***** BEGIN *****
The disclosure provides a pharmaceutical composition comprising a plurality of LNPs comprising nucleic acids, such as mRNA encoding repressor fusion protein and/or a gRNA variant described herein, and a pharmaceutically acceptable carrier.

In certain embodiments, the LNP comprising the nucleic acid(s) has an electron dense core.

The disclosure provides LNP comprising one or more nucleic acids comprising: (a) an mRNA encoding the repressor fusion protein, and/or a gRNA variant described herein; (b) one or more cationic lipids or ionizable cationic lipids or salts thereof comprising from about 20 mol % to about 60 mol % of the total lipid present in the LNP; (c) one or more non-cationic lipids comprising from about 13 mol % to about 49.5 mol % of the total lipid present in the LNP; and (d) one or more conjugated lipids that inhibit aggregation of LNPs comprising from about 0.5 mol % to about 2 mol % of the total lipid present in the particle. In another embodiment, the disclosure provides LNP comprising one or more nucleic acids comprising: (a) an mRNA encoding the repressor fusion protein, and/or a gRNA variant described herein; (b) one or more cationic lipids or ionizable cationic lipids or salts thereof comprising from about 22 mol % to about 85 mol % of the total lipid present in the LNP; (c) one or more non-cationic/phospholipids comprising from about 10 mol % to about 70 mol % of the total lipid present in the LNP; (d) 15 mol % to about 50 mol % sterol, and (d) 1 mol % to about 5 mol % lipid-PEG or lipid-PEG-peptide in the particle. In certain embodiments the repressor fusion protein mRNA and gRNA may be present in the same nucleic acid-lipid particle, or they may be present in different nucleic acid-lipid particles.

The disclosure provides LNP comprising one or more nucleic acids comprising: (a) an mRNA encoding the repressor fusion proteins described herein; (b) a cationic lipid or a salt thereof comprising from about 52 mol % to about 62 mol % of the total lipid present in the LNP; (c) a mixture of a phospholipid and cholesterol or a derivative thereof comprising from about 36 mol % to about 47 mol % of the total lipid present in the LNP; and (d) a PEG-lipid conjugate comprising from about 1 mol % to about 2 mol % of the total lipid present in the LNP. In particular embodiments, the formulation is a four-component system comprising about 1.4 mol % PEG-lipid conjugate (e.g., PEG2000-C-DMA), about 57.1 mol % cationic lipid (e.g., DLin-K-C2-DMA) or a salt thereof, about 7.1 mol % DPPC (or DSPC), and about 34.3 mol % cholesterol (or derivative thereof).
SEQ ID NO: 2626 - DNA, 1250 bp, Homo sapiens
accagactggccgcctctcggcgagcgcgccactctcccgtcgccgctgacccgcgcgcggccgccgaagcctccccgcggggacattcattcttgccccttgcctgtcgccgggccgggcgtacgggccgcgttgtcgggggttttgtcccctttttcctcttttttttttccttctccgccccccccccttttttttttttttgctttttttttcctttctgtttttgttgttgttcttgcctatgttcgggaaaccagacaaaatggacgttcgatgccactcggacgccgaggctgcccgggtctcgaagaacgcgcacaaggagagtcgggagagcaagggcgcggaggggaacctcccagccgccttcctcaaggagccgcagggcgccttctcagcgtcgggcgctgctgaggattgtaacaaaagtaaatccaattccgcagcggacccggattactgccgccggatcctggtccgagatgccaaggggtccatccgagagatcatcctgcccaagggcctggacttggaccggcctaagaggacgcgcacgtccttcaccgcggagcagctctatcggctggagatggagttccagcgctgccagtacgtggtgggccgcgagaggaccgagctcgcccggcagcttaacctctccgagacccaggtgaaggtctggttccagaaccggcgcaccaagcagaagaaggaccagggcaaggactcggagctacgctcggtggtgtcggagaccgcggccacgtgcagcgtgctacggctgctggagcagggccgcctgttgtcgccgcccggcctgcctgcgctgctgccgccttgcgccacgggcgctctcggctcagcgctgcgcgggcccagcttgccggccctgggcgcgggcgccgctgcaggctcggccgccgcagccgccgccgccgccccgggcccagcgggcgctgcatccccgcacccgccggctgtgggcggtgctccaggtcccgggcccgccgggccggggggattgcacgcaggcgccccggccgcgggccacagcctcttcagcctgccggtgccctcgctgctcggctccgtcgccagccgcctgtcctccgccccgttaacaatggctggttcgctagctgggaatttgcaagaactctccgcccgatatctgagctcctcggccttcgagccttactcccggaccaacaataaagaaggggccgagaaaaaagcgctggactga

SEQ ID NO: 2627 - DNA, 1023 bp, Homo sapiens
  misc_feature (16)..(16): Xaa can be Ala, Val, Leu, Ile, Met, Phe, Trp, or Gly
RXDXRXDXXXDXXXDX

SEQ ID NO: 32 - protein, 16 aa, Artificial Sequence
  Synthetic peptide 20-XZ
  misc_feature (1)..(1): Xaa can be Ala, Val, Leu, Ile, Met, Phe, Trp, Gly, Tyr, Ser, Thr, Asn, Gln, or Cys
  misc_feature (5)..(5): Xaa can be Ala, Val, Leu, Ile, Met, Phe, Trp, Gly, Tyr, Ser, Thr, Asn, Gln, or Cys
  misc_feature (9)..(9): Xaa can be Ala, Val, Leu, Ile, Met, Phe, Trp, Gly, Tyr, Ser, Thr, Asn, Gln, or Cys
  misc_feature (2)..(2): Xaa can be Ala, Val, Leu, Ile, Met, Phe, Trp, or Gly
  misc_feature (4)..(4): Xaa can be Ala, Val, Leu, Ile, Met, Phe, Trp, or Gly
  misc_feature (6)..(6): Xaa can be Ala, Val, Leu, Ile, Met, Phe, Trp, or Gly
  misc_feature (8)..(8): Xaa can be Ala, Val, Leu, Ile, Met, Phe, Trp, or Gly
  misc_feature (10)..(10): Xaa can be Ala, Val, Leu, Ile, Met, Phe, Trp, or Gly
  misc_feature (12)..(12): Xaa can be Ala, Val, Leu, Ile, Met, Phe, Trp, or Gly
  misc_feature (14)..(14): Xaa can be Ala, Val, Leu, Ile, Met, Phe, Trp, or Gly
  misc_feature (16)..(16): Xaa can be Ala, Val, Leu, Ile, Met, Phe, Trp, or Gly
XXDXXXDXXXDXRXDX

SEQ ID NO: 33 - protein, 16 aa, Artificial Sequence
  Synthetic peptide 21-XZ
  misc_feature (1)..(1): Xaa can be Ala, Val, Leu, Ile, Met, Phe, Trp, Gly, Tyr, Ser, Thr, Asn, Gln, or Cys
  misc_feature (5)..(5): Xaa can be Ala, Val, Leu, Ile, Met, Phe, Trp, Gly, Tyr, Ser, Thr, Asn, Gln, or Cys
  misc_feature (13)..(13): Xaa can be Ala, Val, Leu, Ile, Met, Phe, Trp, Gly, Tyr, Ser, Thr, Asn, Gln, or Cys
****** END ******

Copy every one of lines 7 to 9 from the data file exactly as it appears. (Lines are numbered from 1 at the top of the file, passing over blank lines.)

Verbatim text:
SEQ ID NO: 2627 - DNA, 1023 bp, Homo sapiens
  misc_feature (16)..(16): Xaa can be Ala, Val, Leu, Ile, Met, Phe, Trp, or Gly
RXDXRXDXXXDXXXDX